There is always more than what you know…

Although I never regretted moving back to Louisiana following the death of Eric, my first husband, it came with challenges.

It wasn’t always easy from a personal standpoint. Life was different. I had been a separated woman with four small children and became a widow with four small children. I hated telling people that I was a widow because I always felt it did not capture the big picture.

People tend to make assumptions based on limited information.

If you are reading my stories, I suggest you leave your assumptions at the door. There is always more than what you know.

Eric’s family was happy that we were coming ‘home’. I believe that our being there helped fill a void that was then a gaping hole in many hearts.

Eric’s father and grandfather drove cross country to help me move the children and I back to the south.

There were Sunday dinners and weekend sleep-overs for the children at Granny and Papa’s house. They were the grandparents I had always dreamed of having for our children. There were baseball games and barbecues. There was bike-riding and mud-puddle-splashing. There were spontaneous trips to the movies with Aunts and Uncles. There were a lot of magical moments that our hearts will always treasure.

But there was also a flip side.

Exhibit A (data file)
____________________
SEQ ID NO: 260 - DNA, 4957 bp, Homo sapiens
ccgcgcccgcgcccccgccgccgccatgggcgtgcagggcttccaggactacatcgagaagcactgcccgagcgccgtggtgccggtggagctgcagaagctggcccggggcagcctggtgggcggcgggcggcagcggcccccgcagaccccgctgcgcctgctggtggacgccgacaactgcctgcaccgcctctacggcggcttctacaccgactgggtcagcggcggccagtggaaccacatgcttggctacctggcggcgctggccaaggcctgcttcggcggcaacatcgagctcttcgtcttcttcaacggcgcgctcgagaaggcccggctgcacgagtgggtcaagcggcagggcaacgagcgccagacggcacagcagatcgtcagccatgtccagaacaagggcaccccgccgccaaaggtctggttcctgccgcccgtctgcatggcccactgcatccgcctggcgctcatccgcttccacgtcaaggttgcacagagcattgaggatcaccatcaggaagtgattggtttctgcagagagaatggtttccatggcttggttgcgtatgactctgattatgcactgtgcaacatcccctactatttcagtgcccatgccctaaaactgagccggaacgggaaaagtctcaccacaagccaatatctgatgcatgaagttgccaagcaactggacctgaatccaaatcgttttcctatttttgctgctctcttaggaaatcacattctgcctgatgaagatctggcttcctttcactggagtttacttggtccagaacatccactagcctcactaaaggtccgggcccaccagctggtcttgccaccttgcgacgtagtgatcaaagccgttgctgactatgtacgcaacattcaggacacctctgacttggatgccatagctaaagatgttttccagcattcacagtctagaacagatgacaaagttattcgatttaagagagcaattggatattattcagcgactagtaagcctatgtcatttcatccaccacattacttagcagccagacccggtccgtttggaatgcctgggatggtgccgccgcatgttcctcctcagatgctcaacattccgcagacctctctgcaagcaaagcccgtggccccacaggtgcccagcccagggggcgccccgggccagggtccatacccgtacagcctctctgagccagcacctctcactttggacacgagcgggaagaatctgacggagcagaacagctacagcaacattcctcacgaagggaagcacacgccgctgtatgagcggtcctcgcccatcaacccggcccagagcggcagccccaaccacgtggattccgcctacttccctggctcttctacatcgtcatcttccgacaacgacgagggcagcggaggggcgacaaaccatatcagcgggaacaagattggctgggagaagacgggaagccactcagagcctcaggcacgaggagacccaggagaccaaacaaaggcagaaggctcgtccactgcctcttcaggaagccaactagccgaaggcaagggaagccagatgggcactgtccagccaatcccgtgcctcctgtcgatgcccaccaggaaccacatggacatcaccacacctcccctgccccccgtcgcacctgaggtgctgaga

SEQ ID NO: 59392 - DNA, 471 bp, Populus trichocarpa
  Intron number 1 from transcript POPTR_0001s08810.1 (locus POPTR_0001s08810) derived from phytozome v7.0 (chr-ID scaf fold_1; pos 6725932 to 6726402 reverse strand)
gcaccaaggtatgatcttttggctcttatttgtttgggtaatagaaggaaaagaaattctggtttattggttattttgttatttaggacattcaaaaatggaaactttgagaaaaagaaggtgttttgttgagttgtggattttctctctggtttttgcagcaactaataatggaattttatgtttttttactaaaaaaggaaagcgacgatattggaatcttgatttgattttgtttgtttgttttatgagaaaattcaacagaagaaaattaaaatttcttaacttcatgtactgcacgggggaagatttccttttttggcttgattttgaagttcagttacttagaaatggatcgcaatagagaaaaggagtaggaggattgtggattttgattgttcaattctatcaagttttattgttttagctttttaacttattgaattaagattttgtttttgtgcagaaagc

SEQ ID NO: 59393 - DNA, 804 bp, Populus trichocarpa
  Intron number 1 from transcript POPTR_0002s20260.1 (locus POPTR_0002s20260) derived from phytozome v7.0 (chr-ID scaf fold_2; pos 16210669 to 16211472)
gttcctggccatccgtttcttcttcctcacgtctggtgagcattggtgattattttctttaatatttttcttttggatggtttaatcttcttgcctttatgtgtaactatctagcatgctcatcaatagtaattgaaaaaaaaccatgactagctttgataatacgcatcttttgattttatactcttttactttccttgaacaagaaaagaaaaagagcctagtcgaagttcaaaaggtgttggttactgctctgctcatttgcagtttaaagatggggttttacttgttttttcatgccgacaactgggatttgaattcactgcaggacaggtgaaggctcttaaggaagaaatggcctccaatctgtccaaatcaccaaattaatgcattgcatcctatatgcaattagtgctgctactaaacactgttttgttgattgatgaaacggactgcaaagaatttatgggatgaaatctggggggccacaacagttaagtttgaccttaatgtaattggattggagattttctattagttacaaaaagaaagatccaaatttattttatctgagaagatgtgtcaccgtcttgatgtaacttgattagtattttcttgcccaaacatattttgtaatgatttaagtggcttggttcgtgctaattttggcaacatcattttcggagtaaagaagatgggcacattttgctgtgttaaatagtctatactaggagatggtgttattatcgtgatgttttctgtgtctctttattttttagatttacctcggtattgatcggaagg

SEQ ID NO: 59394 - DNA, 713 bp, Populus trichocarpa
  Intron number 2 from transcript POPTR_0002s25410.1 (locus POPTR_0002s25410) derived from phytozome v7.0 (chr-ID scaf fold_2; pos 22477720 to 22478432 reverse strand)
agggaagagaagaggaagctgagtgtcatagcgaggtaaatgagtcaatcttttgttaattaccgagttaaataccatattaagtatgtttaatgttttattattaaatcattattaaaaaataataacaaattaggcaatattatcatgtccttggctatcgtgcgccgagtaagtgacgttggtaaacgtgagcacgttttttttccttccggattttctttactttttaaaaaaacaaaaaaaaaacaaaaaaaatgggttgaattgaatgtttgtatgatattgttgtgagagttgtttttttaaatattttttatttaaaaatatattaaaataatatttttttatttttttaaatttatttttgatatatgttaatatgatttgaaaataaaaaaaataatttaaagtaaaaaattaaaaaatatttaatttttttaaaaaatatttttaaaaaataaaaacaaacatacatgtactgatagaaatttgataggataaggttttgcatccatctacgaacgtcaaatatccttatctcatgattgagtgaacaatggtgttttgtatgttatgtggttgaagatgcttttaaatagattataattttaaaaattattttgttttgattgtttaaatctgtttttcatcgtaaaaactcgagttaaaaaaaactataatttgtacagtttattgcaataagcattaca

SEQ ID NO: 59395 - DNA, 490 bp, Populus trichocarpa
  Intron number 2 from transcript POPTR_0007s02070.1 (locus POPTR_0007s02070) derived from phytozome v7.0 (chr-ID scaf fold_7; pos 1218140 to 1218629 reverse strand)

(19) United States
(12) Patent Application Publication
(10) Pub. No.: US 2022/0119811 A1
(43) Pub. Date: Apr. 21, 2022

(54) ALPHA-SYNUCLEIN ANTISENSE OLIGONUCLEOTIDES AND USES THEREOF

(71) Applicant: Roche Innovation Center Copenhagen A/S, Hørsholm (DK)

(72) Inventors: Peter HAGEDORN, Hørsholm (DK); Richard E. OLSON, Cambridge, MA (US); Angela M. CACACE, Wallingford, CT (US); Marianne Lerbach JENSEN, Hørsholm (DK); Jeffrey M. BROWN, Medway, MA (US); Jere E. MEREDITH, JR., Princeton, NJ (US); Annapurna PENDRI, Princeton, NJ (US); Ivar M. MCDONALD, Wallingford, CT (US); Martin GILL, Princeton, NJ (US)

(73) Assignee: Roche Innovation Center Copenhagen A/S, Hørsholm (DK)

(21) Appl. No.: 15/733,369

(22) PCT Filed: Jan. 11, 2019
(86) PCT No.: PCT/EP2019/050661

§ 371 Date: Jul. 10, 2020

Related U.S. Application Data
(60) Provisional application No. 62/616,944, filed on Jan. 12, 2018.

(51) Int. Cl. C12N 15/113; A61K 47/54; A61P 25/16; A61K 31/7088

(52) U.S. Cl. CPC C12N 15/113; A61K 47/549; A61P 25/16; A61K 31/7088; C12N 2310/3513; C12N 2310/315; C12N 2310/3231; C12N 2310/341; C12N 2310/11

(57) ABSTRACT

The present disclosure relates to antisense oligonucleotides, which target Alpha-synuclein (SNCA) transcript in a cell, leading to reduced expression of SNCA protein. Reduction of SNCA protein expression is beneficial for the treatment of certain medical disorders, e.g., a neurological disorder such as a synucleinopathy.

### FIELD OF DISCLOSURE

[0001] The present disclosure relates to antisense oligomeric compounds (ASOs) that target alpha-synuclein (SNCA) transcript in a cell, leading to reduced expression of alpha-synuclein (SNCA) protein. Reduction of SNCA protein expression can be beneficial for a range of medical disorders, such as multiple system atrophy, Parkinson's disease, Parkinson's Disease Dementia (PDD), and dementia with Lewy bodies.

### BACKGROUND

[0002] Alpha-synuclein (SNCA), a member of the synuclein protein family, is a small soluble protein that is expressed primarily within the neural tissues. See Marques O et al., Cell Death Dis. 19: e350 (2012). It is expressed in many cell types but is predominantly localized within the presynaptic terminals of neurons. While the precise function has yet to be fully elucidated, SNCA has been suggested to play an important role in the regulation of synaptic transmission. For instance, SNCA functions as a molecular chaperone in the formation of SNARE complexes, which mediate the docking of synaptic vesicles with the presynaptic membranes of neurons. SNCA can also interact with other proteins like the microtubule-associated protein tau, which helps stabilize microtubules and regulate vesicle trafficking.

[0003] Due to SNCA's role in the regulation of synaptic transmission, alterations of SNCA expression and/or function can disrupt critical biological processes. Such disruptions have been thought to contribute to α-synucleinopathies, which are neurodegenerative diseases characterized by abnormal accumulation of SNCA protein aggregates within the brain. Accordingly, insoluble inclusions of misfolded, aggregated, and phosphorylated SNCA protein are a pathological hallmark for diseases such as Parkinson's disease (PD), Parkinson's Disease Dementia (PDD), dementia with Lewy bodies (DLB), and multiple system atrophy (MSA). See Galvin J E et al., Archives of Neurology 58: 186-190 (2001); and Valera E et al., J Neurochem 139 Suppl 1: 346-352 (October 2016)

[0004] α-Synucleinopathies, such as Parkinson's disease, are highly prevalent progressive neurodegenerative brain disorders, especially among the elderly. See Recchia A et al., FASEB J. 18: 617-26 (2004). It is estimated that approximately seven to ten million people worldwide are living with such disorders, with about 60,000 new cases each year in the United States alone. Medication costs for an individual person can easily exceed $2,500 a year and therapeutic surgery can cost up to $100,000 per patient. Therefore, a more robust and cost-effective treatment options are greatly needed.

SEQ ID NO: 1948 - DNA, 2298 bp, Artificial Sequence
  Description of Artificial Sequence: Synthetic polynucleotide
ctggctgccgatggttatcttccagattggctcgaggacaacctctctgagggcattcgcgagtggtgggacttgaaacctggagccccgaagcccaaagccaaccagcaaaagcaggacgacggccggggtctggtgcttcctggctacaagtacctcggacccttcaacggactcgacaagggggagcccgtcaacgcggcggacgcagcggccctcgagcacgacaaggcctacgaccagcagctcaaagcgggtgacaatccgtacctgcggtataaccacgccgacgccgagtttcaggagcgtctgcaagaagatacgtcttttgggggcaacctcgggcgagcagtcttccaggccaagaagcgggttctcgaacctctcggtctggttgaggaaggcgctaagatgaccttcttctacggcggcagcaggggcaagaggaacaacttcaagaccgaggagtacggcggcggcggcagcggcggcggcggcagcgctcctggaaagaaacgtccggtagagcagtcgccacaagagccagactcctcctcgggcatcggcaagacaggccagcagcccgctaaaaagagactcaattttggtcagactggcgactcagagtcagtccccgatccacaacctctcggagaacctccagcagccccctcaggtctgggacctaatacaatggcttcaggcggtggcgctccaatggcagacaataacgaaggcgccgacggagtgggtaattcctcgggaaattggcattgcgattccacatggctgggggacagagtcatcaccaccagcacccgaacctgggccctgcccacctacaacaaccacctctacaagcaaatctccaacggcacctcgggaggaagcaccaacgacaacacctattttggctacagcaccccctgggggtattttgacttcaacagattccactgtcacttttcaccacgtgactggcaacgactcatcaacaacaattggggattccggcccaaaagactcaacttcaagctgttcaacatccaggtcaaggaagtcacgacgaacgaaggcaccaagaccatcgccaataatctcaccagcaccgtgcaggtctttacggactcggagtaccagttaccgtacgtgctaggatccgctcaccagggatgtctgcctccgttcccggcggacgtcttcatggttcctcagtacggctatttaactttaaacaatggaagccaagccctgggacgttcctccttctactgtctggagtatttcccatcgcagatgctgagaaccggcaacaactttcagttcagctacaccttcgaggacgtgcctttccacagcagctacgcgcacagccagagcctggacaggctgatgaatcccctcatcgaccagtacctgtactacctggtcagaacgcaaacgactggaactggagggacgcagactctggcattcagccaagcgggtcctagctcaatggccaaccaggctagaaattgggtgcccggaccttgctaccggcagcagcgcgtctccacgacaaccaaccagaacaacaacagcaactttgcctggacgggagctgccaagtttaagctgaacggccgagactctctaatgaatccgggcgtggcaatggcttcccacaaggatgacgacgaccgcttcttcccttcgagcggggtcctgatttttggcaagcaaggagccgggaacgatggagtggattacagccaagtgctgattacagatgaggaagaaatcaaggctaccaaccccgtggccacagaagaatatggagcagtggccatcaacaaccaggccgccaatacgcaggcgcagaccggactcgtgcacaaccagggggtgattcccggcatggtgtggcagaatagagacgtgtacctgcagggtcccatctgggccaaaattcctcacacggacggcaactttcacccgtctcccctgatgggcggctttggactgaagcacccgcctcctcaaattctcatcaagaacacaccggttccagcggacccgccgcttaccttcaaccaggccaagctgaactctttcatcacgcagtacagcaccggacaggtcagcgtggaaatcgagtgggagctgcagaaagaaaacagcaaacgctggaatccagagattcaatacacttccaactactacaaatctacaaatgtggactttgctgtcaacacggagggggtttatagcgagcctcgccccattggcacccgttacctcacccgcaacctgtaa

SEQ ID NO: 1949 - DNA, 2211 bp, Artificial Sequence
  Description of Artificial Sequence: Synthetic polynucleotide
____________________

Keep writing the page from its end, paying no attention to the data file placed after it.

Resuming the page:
I didn’t grieve according to the standards that were set for me. There was an unspoken expectation that I was unaware of until I became aware.

There was a time that I was asked on a date. That didn’t go well, especially when I chose to go.

I honestly don’t think many realized the mix of emotions that whirled within me when he was killed. I had let him run long before his death, many forgot this, or did not understand what that entailed.

After the shock of his death wore off, there were times I wanted to pull him out of the grave to whack him upside his head. There were times I wanted to just ask ‘Why’. And there came a day that I wanted to let him know that I forgave him, but all of this is a story for another day.

I made choices against my heart and stumbled some.

Eric’s family are firm believers in Catholicism, a religion I have tried on. Upon his death there was great concern about our choice of not baptizing our children.

Eric and I were both baptized Catholic and neither of us chose this path as adults. We had made the choice not to baptize our children because part of the Catholic baptism includes a promise that the parents will raise the baptized child in the ways of the Catholic Church. I don’t like making promises I would not keep.

I struggled hard with this one.

I decided to give Catholicism a second look. I signed up for the Catholic classes. They weren’t too fond of me; I asked a lot of questions.

In the end, I appeased and had my children baptized despite knowing that I would not be raising them Catholic and despite the fact that I do not believe in infant baptism. I chose this for their peace of mind. It is a decision that I have reflected upon many times since that day.

To give peace of mind to another and feel as though you made a choice against your heart is not balance.

But for the reasons I chose to go to Louisiana, I will never regret. Louisiana needed them and they needed Louisiana. 

© LifeasChristine, 2014. Unauthorized use and/or duplication of this material without express and written permission from this blog’s author and/or owner is strictly prohibited. Excerpts and links may be used, provided that full and clear credit is given to LifeasChristine with appropriate and specific direction to the original content.

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